Shelter Valley Community Center B/W DOLEV (Information: 760 765 3261 0R 760 765 0527)
TIRED OF MAKING MINIMUM WAGE? Miner’s Diner is hiring dependable, honest, friendly and hard-working cooks, fountain and hostess positions. No experience necessary, We Will Train! Must be available to work weekends and holidays. Contact Will at 909576-5618 or apply in person at 2134 Main Street, Julian, CA (Do Not Send Resumes) 7/8
Angela Shelf Medearis is an awardwinning children’s author, culinary historian and the author of seven cookbooks. Her new cookbook is “The Kitchen Diva’s Diabetic Cookbook.” Recipes may not be reprinted without permission from Angela Shelf Medearis. © 2020 King Features Synd., Inc., and Angela Shelf Medearis
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and can increase your skin’s protection from the sun by 33%! Broccoli and Apples -This vegetable and fruit have the highest concentration of polyphenols. Broccoli also helps fight inflammation and contains a sulphorane, a compound that helps to protect skin against UV light. An apple a day is a delicious way to protect your skin. Spinach -- This power-packed green vegetable is loaded with vitamin E, anti-inflammatory compounds, omega-3 fatty acids, including alpha-linolenic acid, and also is high in B-vitamins. Salmon and Walnuts -- Both are high in omega-3 fatty acids, which have anti-inflammatory properties that help to protect your heart and your skin. These anti-inflammatory properties help fight off free radicals in the body, which can occur as a result of overexposure to UV rays. A diet rich in omega-3 could help cut your melanoma risk in half! Carrots and Sweet Potatoes -- Orange-colored vegetables contain carotenoids, nutrients that build up on the skin and help protect it from sun damage. Tea and Coffee -- Both contain polyphenol, plantbased compounds that help regulate inflammation, oxidative stress and the immune system. Research shows that drinking at least one cup of white, black or green tea per day can lower the risk of certain types of skin cancer by 30%. Dark Chocolate -- Eating dark chocolate with at least 60% to 70% cocoa can make the skin 25% less sensitive to the sun. This recipe for Summertime Spinach, Tomato and Carrot Salad With Basil Olive Oil Dressing is packed with the anti-inflammatory, skinprotecting ingredients you need to safeguard your skin from the inside out! SUMMER SPINACH, TOMATO AND CARROT SALAD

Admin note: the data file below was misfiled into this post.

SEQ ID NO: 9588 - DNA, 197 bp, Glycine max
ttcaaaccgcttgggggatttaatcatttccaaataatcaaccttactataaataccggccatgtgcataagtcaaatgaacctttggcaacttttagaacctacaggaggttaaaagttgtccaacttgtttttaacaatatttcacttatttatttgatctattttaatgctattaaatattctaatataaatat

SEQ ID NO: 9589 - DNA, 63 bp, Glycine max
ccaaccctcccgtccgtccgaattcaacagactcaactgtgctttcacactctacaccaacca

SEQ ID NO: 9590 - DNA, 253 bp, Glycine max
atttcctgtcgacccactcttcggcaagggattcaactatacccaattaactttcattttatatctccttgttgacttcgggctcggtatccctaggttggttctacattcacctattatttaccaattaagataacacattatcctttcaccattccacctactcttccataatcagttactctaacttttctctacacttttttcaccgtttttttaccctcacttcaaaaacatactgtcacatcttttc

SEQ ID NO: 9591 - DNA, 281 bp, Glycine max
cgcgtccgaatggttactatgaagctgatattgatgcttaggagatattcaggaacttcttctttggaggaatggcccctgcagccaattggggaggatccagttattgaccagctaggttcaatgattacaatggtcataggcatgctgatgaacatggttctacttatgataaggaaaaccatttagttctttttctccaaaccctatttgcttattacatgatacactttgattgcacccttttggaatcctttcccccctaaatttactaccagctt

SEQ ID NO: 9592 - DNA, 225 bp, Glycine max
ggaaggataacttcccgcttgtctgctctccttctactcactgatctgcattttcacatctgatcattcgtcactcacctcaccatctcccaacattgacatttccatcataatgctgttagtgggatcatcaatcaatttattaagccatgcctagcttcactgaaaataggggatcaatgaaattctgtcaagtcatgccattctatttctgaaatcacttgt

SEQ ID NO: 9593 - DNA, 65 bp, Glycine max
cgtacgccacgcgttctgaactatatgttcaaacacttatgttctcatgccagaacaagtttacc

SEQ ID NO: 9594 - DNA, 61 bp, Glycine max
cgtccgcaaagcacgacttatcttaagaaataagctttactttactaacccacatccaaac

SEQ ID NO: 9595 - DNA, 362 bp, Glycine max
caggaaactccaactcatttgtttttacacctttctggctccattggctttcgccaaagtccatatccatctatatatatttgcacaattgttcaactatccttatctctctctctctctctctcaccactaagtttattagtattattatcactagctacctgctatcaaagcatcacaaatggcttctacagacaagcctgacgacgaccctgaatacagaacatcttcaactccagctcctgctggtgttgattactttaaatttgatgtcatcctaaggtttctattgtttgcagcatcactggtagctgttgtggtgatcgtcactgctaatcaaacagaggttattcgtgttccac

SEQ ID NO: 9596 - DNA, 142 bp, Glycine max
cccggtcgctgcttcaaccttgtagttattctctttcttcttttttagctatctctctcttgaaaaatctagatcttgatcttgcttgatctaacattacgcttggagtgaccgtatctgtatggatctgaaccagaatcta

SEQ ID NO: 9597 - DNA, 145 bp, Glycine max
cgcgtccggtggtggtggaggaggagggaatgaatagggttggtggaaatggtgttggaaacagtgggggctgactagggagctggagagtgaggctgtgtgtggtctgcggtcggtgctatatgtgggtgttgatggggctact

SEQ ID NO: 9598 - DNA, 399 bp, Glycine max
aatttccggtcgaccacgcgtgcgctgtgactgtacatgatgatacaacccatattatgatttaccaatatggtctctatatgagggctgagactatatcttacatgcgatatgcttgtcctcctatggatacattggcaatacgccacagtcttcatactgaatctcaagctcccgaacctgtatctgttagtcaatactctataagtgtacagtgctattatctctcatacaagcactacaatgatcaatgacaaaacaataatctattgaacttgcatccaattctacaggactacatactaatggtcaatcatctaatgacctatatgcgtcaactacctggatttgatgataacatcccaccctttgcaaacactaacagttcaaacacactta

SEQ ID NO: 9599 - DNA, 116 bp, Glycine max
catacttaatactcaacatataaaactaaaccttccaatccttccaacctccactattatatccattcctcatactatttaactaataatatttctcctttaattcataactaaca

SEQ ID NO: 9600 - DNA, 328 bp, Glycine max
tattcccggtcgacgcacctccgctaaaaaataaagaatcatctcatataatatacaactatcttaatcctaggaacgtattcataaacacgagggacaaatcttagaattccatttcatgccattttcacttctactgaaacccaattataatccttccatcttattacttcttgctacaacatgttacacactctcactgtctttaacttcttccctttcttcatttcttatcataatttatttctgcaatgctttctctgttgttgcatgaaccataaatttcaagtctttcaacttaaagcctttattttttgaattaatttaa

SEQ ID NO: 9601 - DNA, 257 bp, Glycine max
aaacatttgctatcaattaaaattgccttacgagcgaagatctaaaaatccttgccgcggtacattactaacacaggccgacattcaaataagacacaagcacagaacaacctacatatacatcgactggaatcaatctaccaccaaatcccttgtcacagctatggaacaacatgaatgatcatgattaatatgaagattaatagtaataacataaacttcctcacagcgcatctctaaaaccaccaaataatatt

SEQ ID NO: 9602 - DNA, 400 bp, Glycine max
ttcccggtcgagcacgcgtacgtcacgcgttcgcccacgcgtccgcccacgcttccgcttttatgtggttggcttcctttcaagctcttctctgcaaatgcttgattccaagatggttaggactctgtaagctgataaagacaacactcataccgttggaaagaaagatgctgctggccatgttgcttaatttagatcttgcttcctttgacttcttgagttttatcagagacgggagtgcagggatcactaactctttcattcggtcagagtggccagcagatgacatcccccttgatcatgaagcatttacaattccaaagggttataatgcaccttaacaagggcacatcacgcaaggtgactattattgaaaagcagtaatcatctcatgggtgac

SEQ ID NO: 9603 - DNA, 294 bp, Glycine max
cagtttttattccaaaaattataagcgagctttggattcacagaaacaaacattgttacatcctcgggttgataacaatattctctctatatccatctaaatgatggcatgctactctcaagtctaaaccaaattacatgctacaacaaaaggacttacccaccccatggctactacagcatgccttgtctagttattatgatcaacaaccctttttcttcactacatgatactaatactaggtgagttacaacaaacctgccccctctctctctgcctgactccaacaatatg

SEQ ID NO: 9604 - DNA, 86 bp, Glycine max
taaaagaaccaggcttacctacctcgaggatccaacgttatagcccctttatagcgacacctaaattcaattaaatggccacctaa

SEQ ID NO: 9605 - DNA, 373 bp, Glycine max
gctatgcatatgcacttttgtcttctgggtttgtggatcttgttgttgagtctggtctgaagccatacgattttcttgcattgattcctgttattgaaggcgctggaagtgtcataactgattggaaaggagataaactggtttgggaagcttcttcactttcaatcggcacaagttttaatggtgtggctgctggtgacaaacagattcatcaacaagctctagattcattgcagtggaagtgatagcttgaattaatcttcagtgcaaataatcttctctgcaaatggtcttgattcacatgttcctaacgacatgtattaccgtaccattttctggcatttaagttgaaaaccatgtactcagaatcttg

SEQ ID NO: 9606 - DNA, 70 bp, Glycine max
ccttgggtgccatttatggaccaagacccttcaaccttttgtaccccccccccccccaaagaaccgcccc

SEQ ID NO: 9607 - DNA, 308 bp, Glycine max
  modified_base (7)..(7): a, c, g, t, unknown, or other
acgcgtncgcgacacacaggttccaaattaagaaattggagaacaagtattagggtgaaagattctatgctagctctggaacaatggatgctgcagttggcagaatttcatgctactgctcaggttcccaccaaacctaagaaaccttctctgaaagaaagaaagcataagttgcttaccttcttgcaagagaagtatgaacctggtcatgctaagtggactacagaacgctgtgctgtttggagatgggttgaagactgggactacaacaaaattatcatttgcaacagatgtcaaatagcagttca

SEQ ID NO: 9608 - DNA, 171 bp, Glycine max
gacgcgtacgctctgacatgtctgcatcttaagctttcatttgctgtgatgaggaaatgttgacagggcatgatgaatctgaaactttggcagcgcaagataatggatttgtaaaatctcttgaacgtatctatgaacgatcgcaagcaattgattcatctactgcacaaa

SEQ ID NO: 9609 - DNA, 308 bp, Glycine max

The Julian News 11